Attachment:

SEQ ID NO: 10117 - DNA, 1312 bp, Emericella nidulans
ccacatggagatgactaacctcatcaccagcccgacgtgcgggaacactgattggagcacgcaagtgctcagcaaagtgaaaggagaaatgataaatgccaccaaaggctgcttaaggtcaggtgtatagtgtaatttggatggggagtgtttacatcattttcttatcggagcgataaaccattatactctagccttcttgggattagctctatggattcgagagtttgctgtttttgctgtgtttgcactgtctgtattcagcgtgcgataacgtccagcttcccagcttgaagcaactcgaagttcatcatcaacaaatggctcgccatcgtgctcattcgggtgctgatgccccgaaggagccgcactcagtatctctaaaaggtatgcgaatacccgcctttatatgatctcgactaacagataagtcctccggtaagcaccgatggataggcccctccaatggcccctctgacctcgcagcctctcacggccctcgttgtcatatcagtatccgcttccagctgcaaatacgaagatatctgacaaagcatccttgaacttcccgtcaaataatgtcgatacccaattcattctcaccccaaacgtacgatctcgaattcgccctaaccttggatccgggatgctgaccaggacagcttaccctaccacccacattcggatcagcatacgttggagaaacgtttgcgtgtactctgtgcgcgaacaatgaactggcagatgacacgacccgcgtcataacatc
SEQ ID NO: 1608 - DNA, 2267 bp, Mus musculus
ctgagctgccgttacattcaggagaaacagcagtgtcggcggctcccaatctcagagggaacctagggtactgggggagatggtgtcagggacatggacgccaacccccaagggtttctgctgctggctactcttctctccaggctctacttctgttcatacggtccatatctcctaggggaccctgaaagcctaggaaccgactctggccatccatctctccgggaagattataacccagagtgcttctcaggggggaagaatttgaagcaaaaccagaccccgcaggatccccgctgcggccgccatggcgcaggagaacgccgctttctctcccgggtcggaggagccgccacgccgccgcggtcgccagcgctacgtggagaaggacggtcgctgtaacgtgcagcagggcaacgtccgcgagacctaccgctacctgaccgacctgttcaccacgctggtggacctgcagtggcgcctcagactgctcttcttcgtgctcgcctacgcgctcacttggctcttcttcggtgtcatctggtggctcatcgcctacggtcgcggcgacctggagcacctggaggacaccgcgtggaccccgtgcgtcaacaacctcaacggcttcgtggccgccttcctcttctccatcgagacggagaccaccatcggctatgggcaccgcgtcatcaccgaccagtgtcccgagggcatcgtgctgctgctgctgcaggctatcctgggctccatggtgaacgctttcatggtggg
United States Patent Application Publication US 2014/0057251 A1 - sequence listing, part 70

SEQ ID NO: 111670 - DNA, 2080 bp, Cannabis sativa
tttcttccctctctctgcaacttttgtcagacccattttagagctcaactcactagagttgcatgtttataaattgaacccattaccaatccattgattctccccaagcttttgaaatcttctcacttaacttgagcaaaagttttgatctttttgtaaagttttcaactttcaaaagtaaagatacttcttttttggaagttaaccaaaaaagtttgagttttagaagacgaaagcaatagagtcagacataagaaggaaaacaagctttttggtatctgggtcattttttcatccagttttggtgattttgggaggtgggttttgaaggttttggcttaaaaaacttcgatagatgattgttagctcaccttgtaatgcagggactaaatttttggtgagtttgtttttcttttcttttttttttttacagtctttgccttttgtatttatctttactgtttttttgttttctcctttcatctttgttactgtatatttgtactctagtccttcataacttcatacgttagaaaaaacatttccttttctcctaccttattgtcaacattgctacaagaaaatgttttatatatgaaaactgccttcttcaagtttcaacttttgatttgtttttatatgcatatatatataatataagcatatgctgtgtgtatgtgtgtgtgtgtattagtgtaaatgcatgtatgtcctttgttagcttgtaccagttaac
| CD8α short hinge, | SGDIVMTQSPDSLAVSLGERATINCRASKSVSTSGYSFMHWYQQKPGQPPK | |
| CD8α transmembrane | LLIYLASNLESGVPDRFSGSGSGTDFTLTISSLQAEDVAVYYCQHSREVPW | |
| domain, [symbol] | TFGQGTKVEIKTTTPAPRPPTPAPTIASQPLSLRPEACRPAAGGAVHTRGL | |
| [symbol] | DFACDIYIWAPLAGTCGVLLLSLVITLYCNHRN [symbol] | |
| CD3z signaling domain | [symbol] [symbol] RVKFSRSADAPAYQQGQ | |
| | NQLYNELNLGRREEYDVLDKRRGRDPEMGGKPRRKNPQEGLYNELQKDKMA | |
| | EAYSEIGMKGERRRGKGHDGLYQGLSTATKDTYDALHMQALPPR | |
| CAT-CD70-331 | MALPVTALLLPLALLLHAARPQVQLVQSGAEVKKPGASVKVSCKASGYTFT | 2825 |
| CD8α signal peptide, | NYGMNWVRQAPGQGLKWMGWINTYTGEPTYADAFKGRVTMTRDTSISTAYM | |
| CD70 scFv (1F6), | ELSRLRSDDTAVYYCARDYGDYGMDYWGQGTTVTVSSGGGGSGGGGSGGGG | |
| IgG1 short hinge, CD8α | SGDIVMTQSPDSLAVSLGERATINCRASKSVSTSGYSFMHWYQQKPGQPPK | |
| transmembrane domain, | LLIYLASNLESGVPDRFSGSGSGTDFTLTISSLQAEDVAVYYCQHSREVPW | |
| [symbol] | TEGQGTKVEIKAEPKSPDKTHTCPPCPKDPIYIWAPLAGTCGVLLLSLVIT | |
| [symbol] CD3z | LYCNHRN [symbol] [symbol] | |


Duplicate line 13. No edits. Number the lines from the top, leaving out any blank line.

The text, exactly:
| | NQLYNELNLGRREEYDVLDKRRGRDPEMGGKPRRKNPQEGLYNELQKDKMA | |